That’s a great thing about my hometown being in the middle—it’s always on the way to somewhere. It’s a wonderful destination in itself, and it can always factor into other trips. Especially when you’ve got a mom who is a travel agent, it works out well.

What are you nostalgic for?
I get nostalgic just driving certain ways that I drove to high school or drove to Comedy Sportz. It’s always just good to get back, shooting hoops in the driveway with my sisters if they’re in town.

A really fun thing is, Daisy has never been to KC yet, but Otis has been a few times, so he has “Kansas cousins”—all my friends who have kids similar ages, so he gets to run around and catch lightning bugs and do all those wonderful things that I grew up doing.

Living in Brooklyn and working in LA, do you ever find yourself trying to convince people that Kansas City is cooler than they think it is?
Kansas City’s doing a nice job all on its own. I try to do my best to be a good ambassador by the way that I go about handling my business and treating people.

I’m proud of the fact that I’ve been along for the ride of Kansas City’s wonderful rise. Kansas City has raised people’s awareness about the city, whether it be through athletics with the Royals and those great couple of seasons, culminating in winning the World Series, and everything going on with the Chiefs right now, and Kansas Jayhawks basketball.

One of the joys of Big Slick, and now Thundergong, is letting people come see the city and it really sells itself.

One of the joys of Big Slick, and now Thundergong, is letting people come see the city and it really sells itself. It’s not so much the structures, although there’s lovely architecture and all that good stuff, but it’s also the people and the vibe there.

For all the divisiveness in the country right now, it’s nice to see people who still treat people with manners and listen with curiosity as opposed to maybe with an agenda.

As a comedian you are an acute observer of people. What have you learned about how people in Kansas City are different than people on either coast?
It might be little things like an inherent kindness. I think I was surprised my first few years living in New York that when I hold a door open, which is second nature to me, people would be like, “What are you doing? What do you want?” (Laughs.)

Not everyone, of course, and there’s plenty of people back home that you hold the door open for and they don’t say thank you—that energy exists everywhere in the world, but I think it’s less prevalent where I’m from.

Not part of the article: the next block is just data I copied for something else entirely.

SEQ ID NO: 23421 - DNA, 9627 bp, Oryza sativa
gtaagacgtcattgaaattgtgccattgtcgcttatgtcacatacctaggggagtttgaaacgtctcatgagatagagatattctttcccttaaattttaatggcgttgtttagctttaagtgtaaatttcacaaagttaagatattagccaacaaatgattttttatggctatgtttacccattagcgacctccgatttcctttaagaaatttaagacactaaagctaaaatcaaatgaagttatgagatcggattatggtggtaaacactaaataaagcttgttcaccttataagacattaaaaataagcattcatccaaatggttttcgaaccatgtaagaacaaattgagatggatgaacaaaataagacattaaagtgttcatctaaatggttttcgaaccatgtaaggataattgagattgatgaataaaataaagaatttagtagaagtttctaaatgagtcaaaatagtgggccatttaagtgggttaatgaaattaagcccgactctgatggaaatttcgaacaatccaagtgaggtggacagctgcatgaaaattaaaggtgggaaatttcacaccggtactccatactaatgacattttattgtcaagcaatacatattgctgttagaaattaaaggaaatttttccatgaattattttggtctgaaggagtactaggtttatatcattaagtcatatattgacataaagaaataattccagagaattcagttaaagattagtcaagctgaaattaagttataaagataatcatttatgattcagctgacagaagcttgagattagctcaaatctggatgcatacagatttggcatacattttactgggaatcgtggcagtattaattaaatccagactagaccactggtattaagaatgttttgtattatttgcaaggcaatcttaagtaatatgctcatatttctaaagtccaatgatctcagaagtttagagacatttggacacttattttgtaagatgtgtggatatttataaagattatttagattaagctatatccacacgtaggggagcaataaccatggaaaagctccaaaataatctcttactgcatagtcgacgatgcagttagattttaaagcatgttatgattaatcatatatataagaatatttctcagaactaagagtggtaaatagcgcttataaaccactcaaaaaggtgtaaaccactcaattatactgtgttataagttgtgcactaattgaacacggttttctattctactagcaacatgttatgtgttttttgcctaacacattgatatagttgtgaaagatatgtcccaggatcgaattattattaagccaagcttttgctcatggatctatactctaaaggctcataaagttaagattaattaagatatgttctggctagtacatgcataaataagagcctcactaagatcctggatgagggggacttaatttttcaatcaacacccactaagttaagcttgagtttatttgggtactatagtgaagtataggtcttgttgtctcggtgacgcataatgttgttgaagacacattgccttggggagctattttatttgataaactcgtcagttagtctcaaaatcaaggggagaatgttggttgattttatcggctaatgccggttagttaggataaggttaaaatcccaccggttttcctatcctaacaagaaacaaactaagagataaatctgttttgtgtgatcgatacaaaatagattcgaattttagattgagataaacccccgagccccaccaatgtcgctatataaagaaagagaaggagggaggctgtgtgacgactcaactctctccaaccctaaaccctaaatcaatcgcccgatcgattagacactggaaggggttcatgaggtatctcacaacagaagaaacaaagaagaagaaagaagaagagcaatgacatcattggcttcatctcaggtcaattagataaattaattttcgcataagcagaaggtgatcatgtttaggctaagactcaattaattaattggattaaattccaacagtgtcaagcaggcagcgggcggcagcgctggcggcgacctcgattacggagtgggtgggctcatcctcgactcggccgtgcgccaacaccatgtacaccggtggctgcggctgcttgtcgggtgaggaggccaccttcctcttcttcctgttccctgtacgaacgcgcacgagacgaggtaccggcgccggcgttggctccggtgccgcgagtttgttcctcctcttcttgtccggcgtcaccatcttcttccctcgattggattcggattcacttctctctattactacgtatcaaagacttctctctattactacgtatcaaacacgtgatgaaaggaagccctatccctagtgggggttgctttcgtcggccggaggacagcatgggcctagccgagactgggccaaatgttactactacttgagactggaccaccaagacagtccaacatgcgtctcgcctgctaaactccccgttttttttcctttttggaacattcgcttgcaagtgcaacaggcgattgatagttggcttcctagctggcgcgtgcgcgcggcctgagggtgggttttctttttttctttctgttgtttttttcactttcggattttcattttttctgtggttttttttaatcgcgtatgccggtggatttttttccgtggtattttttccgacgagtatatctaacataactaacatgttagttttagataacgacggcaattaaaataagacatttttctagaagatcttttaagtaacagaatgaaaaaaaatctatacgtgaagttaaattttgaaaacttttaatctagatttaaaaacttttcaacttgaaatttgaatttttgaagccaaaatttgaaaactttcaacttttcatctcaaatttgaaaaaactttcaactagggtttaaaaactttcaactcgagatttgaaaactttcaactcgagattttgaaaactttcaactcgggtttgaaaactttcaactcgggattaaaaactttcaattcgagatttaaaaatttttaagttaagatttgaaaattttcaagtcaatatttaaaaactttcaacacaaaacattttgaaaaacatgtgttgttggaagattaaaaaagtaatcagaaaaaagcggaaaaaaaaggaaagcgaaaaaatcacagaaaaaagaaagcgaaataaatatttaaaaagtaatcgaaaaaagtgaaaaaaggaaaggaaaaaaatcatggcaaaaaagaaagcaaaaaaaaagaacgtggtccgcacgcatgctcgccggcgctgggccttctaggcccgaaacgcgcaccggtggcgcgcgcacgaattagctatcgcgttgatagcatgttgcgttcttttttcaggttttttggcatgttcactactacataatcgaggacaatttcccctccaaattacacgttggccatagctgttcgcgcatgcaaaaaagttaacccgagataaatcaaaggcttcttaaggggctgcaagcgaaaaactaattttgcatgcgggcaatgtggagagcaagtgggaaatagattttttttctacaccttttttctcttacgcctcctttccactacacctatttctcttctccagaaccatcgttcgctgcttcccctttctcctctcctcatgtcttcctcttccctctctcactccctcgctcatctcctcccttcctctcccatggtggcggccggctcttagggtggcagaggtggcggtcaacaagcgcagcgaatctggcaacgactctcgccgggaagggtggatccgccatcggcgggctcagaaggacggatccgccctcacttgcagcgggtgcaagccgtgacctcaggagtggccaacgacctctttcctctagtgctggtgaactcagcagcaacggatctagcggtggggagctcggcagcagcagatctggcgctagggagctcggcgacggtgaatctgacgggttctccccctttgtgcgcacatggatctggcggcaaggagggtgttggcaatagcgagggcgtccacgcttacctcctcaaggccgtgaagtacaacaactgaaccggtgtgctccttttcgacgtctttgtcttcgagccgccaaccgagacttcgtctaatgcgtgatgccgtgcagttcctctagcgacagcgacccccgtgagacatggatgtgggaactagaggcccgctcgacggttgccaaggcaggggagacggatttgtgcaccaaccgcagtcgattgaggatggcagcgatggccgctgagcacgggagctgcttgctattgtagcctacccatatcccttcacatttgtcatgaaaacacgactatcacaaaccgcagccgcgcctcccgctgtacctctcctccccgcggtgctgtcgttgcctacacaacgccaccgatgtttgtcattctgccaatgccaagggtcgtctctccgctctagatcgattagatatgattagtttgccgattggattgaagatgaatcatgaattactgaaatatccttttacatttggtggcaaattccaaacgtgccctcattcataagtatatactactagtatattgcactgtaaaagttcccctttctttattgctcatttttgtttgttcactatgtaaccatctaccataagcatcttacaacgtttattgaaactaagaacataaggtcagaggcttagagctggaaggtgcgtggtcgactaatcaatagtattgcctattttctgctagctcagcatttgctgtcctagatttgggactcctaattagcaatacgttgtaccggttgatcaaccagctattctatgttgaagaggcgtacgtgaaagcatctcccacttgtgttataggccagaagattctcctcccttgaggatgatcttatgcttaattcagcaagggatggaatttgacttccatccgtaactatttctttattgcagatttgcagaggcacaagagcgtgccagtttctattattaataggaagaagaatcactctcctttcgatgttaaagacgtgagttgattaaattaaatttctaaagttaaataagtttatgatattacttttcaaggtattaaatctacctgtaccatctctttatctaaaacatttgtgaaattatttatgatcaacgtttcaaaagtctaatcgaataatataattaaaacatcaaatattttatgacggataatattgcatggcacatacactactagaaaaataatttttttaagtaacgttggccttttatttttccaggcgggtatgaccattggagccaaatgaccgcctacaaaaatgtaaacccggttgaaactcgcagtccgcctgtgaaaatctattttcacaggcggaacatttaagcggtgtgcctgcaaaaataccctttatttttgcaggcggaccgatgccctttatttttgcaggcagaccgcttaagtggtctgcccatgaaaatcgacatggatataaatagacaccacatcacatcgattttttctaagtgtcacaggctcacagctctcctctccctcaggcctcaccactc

I say, just try to be the change you want to see in the world, and I don’t judge people for being one way or the other when it comes to manners. Well, maybe a little bit. That’s one thing I definitely had instilled in me by my parents and also by the people I was fortunate enough to grow up around.

Of all the work you’ve done on stage, TV, and film, what is the most fun, and what direction do you hope your career takes you in?
I try not to do anything I don’t find fun, to be honest, and that included homework, back when I lived in Kansas. I didn’t do much of that because I didn’t find that fun. And that hurt me and helped me in different ways.

With Detroiters, my involvement is simply that I’m working with and supporting two guys, specifically the stars of the show, Tim [Robinson] and Sam [Richardson] who are from Detroit, and who love their hometown. I empathize with that feeling. When they look at it with such glowing affection, it’s like Detroit in a way is a place like Kansas, where there’s a perception by those outside that may not be the full truth. So it’s interesting to explore those truths that people from those places actually know and feel.

I just want to try to keep being the dumbest person in every room I’m in, so I can just get better at being a man, an artist, a partner, a dad, a human being.

As far as my career goes, I don’t know. I just want to try to keep being the dumbest person in every room I’m in, so I can just get better at being a man, an artist, a partner, a dad, a human being. Whatever trends in that direction, I’ll lean towards that.

What is a truth for you about Kansas that people not from here don’t get?
For example, I was on a horse for the very first time just a couple of months ago and it was, uh, scary. (Laughs.) That’s why I’ve always got to explain to people, “I’m from Overland Park. I’m not from Kansas. In Overland Park, we didn’t have a lot of horses.”

Daisy, my 2-year-old, rides a horse. There’s a little park right by where we’re staying in LA, and they have pony rides, and she rides this pony, like, every day. She’s really taken to it. It’s something else to watch your little girl do something so casually and easily that, when I tried it made me extremely nervous. So the kids are already doing stuff I can’t do. That keeps you grounded. 

Interview condensed and minimally edited for clarity.